I find I’m not so much sad as tired that another year has ended. I aged this year, and while I don’t really like that, I know that it was necessary. I’ve grown this year and I guess that’s all you can really hope for when looking back on a year of experiences.
So good-bye 2011. I hope that what you’ve taught me will be useful in 2012:)
NO PEACE FOR THE DAMNED, an urban fantasy novel by Megan Powell, will be published in 2012 by 47North, the first in a two-book deal. The story revolves around a troubled young woman who joins an underground mercenary group in their fight against her evil supernatural family.
I keep reading the announcement over and over waiting for it to sink in. I even asked my editor the other day, “So, I’ll really be able to go into a bookstore and actually buy my book?”
She chuckled and said, “Don’t worry, when you get to hold the ARC (Advance Reader Copy) in your hands, then it will start feeling real.”
I hope so. Because right now, even as I work through my editorial letter, even as I consider book covers and author pages, even though my insanely incredible agent Joanna (@josvolpe) keeps assuring me that, yes this is really happening, it feels too incredible to actually be real.
But it is – I’m going to be a published fantasy author! *squee*
I’ll be launching a new website next month and will be sending out the link to everyone I’ve ever met. (Just a forewarning) But I’ll still keep this blog going – I’ll always need to a place to keep record of my kids’ fabulous adventures, even while embarking on some new adventures of my own;)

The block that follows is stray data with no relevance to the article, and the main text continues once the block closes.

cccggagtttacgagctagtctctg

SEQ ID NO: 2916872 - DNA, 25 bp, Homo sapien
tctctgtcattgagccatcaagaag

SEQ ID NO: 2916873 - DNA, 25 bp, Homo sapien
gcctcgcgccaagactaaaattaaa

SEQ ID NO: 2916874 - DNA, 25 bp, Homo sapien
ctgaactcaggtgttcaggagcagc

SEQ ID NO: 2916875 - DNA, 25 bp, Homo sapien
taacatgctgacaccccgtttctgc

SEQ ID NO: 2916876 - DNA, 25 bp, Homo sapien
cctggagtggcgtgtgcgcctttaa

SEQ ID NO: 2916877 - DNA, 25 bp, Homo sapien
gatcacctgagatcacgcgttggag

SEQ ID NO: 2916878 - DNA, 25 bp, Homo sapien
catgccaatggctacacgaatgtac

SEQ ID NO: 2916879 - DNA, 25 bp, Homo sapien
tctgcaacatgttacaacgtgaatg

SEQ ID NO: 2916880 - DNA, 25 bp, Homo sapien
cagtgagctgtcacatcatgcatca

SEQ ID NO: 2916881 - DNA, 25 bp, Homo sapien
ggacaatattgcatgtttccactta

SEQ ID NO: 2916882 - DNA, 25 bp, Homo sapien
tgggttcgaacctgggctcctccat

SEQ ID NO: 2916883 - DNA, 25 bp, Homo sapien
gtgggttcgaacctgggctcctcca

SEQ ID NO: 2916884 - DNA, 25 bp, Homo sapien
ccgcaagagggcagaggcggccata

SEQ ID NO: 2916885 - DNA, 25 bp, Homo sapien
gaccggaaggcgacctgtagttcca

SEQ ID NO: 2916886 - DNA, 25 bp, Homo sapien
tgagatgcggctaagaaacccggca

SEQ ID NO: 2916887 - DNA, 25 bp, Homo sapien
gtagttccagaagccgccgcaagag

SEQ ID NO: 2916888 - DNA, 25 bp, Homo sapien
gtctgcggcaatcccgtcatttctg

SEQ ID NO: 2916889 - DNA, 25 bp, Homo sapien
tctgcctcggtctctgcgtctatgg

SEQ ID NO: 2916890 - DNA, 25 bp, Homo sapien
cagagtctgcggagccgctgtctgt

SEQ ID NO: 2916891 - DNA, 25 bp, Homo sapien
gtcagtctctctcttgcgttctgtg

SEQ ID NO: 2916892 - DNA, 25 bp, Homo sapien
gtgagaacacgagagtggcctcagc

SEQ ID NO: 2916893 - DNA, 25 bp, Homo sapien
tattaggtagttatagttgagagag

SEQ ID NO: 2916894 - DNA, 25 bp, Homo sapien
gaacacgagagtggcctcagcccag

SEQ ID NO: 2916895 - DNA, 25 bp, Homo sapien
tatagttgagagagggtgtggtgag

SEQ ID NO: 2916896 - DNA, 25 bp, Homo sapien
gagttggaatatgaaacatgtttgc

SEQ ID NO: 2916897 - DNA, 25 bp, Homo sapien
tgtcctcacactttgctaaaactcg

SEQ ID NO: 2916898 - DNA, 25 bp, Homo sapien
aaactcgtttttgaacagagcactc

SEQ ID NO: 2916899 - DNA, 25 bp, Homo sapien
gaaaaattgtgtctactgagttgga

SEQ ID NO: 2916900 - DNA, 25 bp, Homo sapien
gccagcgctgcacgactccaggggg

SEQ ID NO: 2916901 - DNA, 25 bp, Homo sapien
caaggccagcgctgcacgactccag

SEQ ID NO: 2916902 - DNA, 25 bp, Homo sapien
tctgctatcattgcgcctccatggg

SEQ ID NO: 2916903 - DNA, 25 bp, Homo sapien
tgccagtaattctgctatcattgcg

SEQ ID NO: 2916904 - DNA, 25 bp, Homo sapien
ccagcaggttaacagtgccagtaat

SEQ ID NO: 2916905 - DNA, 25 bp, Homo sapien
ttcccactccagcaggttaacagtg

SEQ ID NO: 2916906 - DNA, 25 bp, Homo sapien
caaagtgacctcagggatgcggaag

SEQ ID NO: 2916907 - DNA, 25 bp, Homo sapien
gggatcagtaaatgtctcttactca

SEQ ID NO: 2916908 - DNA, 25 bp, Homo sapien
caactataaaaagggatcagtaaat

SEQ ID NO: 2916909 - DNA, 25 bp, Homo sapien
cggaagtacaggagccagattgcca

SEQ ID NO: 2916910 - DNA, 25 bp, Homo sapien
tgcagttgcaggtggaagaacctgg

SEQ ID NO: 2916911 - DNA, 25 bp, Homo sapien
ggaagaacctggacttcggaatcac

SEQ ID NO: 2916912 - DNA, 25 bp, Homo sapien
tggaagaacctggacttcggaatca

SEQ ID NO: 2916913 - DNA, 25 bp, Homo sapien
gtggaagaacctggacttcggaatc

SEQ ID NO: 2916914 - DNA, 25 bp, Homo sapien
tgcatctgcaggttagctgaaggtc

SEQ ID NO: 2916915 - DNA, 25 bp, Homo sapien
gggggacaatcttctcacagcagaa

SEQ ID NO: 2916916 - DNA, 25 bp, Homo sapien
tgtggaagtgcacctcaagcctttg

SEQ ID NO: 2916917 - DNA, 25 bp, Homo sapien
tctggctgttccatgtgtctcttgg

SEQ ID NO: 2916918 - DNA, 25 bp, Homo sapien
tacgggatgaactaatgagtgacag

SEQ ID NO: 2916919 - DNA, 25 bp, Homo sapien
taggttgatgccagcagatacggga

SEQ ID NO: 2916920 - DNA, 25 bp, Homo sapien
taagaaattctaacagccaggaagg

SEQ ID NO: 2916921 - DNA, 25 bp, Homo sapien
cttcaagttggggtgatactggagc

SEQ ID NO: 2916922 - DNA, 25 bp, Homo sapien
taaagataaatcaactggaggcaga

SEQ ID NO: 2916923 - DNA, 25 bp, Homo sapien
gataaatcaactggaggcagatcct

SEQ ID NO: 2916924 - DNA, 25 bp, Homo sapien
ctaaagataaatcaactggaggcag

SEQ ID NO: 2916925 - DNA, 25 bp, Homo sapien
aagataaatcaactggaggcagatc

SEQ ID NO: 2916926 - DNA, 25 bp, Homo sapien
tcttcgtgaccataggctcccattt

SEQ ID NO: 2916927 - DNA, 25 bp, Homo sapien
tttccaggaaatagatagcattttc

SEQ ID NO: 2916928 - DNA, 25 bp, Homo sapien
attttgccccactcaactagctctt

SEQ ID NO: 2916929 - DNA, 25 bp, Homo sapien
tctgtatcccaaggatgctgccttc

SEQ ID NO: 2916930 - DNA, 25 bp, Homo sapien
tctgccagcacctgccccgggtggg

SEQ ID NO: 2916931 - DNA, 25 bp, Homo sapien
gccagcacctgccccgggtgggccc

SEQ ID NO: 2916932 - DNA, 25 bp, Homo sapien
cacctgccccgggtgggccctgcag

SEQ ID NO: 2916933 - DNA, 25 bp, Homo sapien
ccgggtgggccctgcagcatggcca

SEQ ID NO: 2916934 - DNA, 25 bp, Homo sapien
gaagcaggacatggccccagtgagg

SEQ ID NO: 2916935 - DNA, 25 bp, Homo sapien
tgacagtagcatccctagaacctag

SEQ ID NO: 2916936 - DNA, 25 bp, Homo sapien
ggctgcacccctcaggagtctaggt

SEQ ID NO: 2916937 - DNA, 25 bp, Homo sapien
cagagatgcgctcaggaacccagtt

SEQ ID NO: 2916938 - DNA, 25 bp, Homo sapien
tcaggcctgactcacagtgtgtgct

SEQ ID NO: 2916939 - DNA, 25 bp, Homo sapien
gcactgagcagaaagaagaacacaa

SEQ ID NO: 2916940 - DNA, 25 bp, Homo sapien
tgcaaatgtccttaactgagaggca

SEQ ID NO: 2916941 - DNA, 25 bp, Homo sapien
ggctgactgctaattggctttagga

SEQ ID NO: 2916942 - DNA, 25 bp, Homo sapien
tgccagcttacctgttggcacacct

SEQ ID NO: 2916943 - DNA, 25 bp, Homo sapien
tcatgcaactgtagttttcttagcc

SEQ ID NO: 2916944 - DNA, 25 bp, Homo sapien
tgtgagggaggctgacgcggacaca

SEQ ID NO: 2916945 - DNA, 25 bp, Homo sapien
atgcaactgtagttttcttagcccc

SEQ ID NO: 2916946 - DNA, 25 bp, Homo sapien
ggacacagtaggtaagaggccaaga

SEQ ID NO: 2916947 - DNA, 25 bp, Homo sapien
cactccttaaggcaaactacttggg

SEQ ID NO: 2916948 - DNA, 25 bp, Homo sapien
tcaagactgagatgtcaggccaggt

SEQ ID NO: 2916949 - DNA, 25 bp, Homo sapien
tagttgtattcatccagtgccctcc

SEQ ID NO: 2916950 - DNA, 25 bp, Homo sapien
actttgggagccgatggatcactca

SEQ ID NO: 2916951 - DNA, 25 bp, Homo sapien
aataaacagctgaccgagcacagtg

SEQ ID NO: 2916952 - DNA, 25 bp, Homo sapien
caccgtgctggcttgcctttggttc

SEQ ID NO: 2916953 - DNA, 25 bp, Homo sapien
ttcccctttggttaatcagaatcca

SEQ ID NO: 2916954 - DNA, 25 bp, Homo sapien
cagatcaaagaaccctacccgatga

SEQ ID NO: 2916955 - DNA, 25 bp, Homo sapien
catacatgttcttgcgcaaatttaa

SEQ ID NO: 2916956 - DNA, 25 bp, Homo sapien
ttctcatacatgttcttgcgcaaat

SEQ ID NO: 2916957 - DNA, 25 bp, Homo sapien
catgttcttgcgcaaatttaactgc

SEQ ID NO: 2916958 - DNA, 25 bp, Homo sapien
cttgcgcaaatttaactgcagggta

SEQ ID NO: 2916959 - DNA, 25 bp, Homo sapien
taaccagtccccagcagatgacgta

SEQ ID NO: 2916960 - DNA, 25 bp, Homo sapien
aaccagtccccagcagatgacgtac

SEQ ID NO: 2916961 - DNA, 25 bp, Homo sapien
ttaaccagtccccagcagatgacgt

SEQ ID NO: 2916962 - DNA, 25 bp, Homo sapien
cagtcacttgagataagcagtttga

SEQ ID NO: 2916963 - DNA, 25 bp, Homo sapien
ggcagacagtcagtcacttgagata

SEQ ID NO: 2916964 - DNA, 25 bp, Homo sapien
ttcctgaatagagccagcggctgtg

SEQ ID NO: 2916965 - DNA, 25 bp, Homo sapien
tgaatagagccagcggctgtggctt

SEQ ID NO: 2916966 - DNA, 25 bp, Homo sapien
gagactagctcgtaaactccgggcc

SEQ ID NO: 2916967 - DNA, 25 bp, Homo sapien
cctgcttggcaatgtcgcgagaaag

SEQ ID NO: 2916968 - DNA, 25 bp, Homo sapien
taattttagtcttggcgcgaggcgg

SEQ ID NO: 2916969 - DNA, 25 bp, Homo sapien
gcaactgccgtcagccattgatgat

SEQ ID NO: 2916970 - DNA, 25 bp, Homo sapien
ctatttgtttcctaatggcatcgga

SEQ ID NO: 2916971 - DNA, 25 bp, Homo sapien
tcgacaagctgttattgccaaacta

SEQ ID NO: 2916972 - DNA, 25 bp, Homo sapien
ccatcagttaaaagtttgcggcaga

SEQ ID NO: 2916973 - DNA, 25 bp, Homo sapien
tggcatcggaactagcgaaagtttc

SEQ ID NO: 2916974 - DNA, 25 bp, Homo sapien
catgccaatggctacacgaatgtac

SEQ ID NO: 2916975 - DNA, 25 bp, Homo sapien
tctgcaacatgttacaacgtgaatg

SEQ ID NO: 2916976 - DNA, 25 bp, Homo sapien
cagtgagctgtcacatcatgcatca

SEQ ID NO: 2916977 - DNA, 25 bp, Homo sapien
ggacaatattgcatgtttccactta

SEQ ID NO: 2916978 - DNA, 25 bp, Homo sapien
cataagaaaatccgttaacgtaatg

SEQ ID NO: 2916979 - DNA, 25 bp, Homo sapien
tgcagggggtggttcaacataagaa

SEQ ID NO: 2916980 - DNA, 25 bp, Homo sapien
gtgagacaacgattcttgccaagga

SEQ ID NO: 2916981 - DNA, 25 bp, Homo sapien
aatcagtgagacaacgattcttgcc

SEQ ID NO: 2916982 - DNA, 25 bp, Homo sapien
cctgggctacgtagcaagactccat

We stopped to get gas on the way to school this morning. When I got back in the car after pumping my $35 half-tank, I was bombarded with terrible screeching noises coming from both kids in the back seat.
“What are you doing?” I shouted.
My 7yo daughter calmly replied, “I’m pretending to be a dying venomous duck.”
My 9yo son added, “And I’m the angry German leprechaun that’s killing her. Oh, and I live at Home Depot.”
“Home Depot?” My daughter said with way too much enthusiasm, ” I LOVE Home Depot!” At which point she burst into song. “Home De-pot, The Home De-pot, it’s the perfect place for purple people!”
“Argh!” my son shouted covering his ears, “My poor leprechaun ears!”
I’ll consider it fate’s little gift to me that I didn’t get a speeding ticket racing them to school.
For those who don’t really know me, I have long red hair. And I’ve had long red hair for as long as I can remember. This isn’t because I am averse to getting it cut or changed or styled in some new way. It’s because I just don’t care. Five minutes with the brush and blow dryer is all I’m willing to put towards the stuff on a daily basis.
My daughter, on the other hand, LOVES my hair. She loves brushing it, petting it, trying to put it in new styles that she wants to see in her own long red hair. This morning, she was brushing it while I got ready.
“You know, when I brush your hair standing behind you like this, it’s like you’re a babysitter, or a teenager, or someone a lot younger than you really are.”
“No offense or anything. It’s just that I can’t see the little lines by your eyes when I stand behind …”
“R – stop talking.”
Another reason I don’t take time on my hair: avoiding unwanted critique from the always present peanut gallery.